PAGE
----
“Edit your life frequently and ruthlessly. It’s your masterpiece after all.” – Nathan W. Morris
For quite possibly the first time ever, I am feeling really excited about the prospect of taking steps forward in my job. It’s a feeling that is both strange and new for me. I’ve found a field of work I find fun and interesting, and I notice my inner drive re-emerging as a new and creative source. For a long time, I looked down on the thought of dedicating so much of one’s energy toward “career success”. “Success”, I felt, was never the correct term to describe what I wanted. Instead of idolizing business moguls and the wealthy, I have always admired individuals who live their purpose regardless of money. The kind of people who are willing to pack up everything so they can live modest lives in surf and ski towns. These individuals make passion their priority, and from my experience, seem to be the happiest people around. It takes a lot more courage than you may think to ignore every expectation society has for you. In their own way, these people are far more admirable than we ever give them credit.
Deep down, devoting heaps of energy to a career is in direct conflict with many of the values I have always used to define my code of ethics. I’ll be the first to admit that I spent a lot of time doing my own thing and avoiding any form of job commitment due to a subconscious fear of where I might end up. I realize now that fear contributed nothing to my life other than to serve as a convenient excuse to let great opportunities pass me by. Fear does not create safety, it creates complacency. As I get older and more self-aware, I am beginning to understand the reasons behind my actions, including my new interest in making the most of my work. As counter intuitive as it is, my reason for this drive is simple:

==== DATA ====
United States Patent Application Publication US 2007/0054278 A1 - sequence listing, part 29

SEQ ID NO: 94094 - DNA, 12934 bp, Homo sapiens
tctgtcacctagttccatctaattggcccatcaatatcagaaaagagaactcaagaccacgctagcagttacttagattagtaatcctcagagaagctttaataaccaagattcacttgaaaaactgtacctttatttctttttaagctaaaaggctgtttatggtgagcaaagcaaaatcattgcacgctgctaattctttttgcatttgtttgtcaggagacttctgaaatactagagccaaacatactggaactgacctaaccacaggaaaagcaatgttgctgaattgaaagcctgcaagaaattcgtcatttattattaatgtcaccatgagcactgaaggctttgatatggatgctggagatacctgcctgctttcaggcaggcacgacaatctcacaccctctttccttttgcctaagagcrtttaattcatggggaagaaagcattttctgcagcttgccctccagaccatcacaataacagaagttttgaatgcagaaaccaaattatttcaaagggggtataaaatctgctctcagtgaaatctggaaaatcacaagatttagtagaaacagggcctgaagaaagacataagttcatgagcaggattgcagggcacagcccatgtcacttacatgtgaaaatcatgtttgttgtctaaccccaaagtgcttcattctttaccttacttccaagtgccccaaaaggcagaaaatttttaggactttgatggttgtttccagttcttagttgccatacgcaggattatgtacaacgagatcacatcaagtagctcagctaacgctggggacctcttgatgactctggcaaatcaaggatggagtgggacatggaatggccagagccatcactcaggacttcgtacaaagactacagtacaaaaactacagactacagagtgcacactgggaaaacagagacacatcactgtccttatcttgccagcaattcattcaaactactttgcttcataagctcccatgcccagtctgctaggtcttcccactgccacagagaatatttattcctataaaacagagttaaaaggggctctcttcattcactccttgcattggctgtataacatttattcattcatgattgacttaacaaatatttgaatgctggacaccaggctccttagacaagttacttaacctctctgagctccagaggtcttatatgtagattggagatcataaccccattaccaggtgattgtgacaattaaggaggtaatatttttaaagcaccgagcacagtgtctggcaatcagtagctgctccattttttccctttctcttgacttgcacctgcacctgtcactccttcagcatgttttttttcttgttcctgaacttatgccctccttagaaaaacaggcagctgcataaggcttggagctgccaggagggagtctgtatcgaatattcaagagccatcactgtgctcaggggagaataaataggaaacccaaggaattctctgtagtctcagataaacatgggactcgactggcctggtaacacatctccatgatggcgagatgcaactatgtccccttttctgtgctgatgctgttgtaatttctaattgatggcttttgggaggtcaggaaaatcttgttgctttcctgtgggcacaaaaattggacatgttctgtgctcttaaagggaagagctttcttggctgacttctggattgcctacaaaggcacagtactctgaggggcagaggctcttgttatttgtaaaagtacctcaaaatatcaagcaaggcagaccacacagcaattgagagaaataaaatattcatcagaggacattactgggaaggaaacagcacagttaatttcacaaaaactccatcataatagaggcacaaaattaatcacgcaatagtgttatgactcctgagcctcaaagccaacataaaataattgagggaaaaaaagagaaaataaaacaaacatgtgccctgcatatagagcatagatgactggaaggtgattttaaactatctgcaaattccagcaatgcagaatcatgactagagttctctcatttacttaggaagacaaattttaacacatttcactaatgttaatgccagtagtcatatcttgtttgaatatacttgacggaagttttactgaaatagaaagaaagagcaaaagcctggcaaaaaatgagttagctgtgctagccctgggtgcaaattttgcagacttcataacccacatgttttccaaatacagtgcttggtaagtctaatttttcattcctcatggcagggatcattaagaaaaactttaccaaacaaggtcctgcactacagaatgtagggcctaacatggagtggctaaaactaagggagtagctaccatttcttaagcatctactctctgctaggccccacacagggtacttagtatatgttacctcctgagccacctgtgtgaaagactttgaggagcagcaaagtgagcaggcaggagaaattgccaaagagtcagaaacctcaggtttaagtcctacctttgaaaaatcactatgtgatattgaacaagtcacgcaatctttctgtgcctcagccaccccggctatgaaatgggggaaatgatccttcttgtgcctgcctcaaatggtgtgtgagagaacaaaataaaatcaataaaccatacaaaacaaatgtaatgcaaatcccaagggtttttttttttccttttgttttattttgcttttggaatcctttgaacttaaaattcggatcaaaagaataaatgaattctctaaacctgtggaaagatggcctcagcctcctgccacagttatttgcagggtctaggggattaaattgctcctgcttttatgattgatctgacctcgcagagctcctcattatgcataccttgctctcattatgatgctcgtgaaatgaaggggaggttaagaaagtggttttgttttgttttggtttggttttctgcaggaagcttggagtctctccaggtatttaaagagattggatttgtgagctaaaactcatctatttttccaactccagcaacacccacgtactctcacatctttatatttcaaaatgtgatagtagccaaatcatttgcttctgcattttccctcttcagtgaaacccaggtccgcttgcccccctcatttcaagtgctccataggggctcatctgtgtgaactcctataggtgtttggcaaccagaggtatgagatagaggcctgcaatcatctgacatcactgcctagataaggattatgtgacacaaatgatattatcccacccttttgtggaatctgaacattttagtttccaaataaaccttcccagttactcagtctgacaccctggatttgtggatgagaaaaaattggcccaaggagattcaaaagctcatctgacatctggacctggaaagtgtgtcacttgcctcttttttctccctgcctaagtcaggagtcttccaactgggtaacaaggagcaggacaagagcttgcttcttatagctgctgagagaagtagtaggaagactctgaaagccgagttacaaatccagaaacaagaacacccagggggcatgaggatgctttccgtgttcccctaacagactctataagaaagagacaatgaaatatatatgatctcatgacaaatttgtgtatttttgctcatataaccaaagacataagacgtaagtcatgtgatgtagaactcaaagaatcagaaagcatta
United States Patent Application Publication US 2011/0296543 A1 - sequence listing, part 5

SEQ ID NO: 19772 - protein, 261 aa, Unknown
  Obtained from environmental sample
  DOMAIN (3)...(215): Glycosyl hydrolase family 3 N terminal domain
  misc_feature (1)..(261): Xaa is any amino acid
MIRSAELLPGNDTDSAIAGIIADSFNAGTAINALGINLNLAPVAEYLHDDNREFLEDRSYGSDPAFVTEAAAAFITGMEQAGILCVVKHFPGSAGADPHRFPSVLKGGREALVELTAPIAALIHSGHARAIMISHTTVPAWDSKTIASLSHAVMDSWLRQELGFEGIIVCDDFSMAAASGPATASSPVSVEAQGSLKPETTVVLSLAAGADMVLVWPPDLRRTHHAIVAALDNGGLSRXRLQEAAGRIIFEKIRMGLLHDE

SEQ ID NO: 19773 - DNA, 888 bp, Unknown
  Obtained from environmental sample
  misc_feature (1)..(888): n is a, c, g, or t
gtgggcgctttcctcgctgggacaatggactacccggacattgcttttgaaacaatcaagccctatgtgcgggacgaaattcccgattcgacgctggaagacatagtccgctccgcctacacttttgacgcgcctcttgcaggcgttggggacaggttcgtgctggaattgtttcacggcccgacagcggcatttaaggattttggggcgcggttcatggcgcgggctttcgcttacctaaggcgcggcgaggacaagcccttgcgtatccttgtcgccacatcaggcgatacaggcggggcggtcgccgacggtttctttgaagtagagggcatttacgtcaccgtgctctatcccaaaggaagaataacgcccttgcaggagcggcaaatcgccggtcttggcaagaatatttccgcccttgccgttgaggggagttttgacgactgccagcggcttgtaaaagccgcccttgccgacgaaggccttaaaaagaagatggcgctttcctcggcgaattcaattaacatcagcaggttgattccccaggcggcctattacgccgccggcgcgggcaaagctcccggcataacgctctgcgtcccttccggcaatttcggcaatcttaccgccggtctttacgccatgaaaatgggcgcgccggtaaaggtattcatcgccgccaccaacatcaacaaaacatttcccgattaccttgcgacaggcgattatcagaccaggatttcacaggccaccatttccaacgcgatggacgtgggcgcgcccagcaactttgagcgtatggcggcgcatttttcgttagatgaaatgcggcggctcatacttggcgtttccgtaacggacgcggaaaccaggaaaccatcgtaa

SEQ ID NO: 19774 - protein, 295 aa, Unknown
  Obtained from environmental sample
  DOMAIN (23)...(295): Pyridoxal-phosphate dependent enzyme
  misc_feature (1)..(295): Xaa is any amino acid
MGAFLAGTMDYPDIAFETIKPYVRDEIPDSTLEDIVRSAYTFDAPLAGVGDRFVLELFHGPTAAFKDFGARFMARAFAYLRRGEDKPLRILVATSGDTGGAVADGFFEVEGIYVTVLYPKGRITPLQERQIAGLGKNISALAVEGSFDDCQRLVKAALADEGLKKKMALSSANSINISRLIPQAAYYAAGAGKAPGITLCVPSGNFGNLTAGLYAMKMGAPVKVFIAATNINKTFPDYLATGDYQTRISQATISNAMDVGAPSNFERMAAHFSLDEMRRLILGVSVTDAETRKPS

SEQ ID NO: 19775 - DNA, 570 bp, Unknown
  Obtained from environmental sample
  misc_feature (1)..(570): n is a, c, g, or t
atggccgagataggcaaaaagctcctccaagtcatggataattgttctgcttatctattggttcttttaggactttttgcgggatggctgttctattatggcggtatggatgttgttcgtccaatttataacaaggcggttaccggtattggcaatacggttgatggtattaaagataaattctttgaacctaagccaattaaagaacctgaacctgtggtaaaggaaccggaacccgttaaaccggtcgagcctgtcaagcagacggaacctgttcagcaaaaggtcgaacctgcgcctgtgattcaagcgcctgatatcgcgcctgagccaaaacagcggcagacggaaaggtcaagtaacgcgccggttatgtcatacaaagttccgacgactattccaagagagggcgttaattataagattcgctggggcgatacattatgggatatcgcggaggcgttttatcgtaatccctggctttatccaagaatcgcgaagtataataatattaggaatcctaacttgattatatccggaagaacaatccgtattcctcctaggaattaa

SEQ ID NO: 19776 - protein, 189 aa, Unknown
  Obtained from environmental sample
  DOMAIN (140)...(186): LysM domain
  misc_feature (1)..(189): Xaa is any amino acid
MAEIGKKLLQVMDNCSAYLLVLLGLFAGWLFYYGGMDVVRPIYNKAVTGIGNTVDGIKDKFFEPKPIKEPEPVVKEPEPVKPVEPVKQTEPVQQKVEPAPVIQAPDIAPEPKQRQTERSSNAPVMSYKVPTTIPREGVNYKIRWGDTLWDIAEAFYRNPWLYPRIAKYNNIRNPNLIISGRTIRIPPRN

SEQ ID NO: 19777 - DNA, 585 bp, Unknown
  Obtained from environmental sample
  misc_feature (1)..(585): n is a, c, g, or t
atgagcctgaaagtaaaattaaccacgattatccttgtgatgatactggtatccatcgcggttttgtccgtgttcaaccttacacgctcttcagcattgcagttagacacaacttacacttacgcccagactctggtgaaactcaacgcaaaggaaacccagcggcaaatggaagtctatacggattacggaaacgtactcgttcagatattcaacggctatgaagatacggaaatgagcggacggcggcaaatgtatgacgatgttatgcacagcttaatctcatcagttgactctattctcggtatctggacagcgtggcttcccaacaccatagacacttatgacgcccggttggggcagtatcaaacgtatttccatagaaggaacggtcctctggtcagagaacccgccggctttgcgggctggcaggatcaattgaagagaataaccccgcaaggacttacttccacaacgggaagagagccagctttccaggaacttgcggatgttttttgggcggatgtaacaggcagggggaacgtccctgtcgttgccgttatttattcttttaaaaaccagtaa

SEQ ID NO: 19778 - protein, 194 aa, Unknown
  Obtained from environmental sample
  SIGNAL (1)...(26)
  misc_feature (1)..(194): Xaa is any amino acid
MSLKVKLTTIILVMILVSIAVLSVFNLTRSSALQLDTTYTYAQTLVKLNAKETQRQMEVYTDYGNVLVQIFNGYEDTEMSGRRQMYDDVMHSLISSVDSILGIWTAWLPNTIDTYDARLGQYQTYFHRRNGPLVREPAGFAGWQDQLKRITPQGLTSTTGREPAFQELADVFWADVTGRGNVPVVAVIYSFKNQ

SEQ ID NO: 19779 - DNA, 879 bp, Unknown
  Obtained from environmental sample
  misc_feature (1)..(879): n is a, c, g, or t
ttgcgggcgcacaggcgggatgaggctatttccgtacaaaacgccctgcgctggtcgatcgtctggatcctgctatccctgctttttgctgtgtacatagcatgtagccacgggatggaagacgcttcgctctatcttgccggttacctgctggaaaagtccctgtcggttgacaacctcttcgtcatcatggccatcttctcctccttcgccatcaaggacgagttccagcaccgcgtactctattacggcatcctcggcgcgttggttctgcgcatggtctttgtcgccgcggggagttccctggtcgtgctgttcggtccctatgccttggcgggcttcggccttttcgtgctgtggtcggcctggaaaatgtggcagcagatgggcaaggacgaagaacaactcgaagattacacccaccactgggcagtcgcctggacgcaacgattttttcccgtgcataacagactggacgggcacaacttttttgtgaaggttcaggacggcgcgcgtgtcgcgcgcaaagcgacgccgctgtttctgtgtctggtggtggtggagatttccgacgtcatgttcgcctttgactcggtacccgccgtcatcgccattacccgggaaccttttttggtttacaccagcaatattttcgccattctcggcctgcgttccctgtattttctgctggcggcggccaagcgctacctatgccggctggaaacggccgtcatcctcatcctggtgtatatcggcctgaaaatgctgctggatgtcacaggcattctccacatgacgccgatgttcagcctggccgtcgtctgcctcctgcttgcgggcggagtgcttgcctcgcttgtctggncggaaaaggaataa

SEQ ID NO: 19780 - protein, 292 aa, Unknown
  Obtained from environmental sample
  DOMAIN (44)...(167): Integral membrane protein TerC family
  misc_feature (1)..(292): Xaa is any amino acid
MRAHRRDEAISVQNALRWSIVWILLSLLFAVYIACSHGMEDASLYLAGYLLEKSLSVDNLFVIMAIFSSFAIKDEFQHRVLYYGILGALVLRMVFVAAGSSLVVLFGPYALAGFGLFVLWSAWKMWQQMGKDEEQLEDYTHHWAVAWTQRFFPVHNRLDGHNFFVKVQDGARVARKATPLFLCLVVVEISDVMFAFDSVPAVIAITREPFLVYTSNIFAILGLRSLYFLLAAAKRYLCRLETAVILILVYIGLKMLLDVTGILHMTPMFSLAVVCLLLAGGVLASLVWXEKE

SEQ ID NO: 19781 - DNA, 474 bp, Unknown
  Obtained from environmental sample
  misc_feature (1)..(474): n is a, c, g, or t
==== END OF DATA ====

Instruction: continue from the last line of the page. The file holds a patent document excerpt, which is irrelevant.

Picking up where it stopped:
Because I don’t ever want a monotonous job. I want work that keeps me on my toes and never feels “normal”.
I don’t give a shit about having a BMW by the time I am thirty. I do however give a shit about how I spend my time, and about having the ability to make decisions for myself and the people in my life based purely on what is the right choice, uninfluenced by external financial factors. I do not define wealth by possessions or big homes, but by experiences and freedom of lifestyle. This is the kind of wealth I truly seek. I am excited about my career because luckily I enjoy my job, but also because I am realizing where I want it to take me.
I give a shit about having an awesome lifestyle, and taking some time to build myself up is what will get me there. Progress is fun.
I recently made the decision to quit a really great job, working for a really great company. Although the opportunity was ideal in many ways, it made me feel miserable. I never understood why until I left. What I realized after quitting was that not once during my time with the company did I feel like myself.
I had to leave to realize that this job that was perfect for many others, was not perfect for myself. I did not choose to resign because of low pay, lack of advancement, or anything opportunity related. I left because the job forced me to live a lifestyle so incredibly different from that which would make me truly happy, and I needed to make a change. I recognized the fact that I needed to work toward a lifestyle that is authentically my own and to stop letting the expectations of others dictate my own fate.
In the book: Zen and the Art of Motorcycle Maintenance, Robert Pirsig discusses the inherent differences between two types of mountain climbers, the ego-climber and the selfless climber. He states that the ego climber is almost certainly doomed to fail.
On the surface he may actually succeed, although for him it will be a hollow experience lacking any real value. This is because he climbs only for the credit that will be received from doing so. The selfless climber however, will succeed because he climbs for nothing but pure enjoyment. He climbs for the pleasure of the experience, and will leave satisfied regardless of the outcome.
In modern society many connect and live through technology. Our minds have become distracted by popularity contests and societal expectations. Instead of living out our hearts desires and fulfilling our personal needs, we are often occupied with managing the perception of our personal ‘brand’. Although a skill for public relations can definitely be great, it will not help any of us live the lives we have always dreamed of. Just like the ego climber, many of us are guilty of possessing such an outlook. Let’s be honest, sometimes it’s hard not to.
Authenticity is not about being honest and transparent with those around us, it is about being honest and transparent with ourselves. This means not convincing ourselves that we want to be a banker if deep down we know we would rather build custom furniture out of tree trunks.